We both snuggled back up with our sleeping babies, who had not even budged, thank goodness. My heart was pounding, and I knew Joey was still awake over in his tent, but the night was quiet again, so after a few minutes I whispered, "Okay Fofe, I'm going to try to get back to sleep. Good night." 

It was only minutes later that more scuffling in our site woke me again. He was back, looking for our cooler I presume. I froze in my tent, arms around my two sleeping babes. In the daytime, I love the idea of bears in the mountains. At night, protecting my children, vulnerable in our tent with no weapon, heads exposed with just the thinnest layer of vinyl between us and the night, I was terrified. I could hear the bear sniffing around; I could hear his footsteps. I could hear his breathing, clear as my own, and it seemed like he was right outside his tent. Riiiighhhtt there...scuffle...shuffle...sniff...sniff. 

"Joey!" I whisper hissed into the night, hoping my voice would scare the bear away from our tent. "Yeah!" He whisper-hissed back. "I think he's back. Do you hear that?" "Yes I do!" Our voices rose to normal pitch as we talked back and forth between our tents, hoping to scare him off, and his breathing and footsteps receded. I had one bar of cell phone service and I texted Addie, who I knew was still on her way home, that there was a bear in our site. Then I heard neighbors in the campground banging pots and pans. Later I'd drift off, and then wake to a dude's far away voice yelling at the bear, or more crashes. That bear definitely made the rounds. Wish I could've caught a glimpse of him! But not really.

"Morning is when I am awake and there is a dawn in me."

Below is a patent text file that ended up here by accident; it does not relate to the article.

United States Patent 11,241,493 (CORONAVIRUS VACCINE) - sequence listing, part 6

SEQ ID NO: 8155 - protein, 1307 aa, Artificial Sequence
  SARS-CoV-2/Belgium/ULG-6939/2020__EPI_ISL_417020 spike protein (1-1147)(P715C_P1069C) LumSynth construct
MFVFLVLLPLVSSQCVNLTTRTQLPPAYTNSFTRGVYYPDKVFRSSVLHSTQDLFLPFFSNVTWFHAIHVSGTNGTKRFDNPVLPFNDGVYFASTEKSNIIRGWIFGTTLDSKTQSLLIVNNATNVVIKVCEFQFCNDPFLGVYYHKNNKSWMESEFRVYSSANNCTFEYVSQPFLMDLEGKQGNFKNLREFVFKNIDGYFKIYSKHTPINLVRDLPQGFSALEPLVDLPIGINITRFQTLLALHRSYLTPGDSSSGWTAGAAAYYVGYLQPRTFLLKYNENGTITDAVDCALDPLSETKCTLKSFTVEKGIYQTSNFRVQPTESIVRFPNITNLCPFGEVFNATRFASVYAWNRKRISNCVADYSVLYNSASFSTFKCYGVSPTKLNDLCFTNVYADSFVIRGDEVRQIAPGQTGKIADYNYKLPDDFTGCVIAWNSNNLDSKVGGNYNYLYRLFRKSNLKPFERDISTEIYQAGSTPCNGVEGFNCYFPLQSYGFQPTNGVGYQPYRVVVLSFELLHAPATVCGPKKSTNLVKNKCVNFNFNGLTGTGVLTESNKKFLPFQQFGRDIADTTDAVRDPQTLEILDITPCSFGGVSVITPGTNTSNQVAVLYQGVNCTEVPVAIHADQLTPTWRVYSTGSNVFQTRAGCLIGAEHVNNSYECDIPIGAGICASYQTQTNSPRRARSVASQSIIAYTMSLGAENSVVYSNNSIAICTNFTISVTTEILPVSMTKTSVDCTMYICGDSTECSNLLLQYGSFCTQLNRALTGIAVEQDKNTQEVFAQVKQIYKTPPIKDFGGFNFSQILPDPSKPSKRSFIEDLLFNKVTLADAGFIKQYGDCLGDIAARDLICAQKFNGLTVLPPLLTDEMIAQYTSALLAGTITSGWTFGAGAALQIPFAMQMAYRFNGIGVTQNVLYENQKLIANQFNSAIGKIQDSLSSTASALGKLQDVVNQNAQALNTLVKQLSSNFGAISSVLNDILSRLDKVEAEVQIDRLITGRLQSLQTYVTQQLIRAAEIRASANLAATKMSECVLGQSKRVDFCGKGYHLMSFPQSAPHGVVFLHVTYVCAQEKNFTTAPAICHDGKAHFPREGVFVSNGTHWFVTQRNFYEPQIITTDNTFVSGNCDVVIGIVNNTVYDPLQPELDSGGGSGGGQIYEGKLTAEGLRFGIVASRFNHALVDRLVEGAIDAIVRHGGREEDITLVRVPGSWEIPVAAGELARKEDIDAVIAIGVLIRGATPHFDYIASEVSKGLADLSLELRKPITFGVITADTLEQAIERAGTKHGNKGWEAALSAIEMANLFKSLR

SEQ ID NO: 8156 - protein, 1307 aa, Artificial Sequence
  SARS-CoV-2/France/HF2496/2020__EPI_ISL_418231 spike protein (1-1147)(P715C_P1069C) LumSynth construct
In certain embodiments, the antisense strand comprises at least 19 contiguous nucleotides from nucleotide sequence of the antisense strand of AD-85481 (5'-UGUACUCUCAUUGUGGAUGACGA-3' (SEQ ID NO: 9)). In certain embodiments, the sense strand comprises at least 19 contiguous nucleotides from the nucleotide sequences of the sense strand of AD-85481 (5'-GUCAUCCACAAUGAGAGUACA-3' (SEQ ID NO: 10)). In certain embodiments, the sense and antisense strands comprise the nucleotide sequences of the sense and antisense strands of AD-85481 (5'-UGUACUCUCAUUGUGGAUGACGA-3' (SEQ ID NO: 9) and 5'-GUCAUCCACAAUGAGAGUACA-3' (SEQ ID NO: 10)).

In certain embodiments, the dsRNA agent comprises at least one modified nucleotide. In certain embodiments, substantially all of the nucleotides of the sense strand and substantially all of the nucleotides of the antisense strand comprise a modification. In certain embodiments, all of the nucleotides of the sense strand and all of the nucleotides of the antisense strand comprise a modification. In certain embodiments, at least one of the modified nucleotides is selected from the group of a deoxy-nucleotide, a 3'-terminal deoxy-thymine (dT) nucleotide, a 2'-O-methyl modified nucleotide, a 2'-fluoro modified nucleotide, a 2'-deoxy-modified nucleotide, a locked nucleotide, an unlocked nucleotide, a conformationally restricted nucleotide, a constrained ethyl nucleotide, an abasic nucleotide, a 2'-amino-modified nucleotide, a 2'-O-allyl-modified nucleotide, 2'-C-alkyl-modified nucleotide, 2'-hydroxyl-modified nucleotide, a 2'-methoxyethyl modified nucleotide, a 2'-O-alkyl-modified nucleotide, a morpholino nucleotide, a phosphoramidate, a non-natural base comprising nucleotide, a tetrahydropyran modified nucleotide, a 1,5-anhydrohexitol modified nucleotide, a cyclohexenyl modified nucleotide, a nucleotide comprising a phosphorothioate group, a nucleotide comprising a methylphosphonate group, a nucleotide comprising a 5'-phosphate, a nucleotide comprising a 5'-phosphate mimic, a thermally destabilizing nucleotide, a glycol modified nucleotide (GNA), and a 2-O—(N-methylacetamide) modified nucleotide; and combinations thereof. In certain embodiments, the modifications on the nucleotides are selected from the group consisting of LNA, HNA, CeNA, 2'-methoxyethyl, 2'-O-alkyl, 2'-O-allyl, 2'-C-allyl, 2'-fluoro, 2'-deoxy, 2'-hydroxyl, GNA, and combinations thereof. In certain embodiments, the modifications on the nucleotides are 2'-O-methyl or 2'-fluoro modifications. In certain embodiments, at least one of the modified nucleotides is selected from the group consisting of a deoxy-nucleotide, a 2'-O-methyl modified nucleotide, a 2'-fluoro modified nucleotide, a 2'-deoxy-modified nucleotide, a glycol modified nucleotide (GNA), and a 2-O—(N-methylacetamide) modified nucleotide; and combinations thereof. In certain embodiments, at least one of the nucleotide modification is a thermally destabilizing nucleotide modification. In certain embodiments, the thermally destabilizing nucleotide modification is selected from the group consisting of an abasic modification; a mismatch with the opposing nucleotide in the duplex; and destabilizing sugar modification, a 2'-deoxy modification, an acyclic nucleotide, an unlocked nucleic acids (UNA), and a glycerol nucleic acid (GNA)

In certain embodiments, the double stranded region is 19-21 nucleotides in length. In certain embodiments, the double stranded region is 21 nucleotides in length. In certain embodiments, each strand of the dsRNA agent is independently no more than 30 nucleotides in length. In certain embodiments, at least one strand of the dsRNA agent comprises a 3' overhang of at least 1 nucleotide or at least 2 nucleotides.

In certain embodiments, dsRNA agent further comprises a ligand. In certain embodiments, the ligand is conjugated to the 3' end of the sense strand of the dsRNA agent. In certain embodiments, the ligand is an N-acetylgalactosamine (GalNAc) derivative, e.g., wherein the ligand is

In the fresh, cheery air of mountain morning, we dressed Scout and Polly in matching dresses I had brought, and we all decided on one last dip at the lake after packing up. That put a pep in our step.

We found a playground by the camp store. 

And then made our way down the rocky shore on the east side of the lake. The girls and Papa dipped their toes, waded and skipped rocks and Joey and I both jumped in! I wanted that cool lake water refreshing my skin as much as possible for the long hot drive home. Then Pops jumped in too. It was a good leave-taking celebration.

Well that and push-up pops, of course. 

"I delight to come to my bearings -- not walk in procession with pomp and parade, in a conspicuous place, but to walk even with the Builder of the universe, if I may -- not to live in this restless, nervous, bustling, trivial Nineteenth Century
, but stand or sit thoughtfully while it goes by." 

All quotes from Thoreau's Walden. 


Heidi Ann said…
Oh, how I love reading "stories-in-pictures" that are your trip posts, a visual feast for the eyes that is a delightful record of your adventures as a family.
Since camping trips were our only family vacations while we were growing up, devouring every photo and every word of your posts/stories brings back fond memories, indeed!
(And I, too, find myself hoping that your "girls' childhood memories smell like campfires")
Your posts never fail to delight me, Heather.
Humaun Kabir said…
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flat earth map
I loooove the mountainz.
Is that how yoo spell it?
Im a foreigner.
Seventh-Heaven's my troo Home.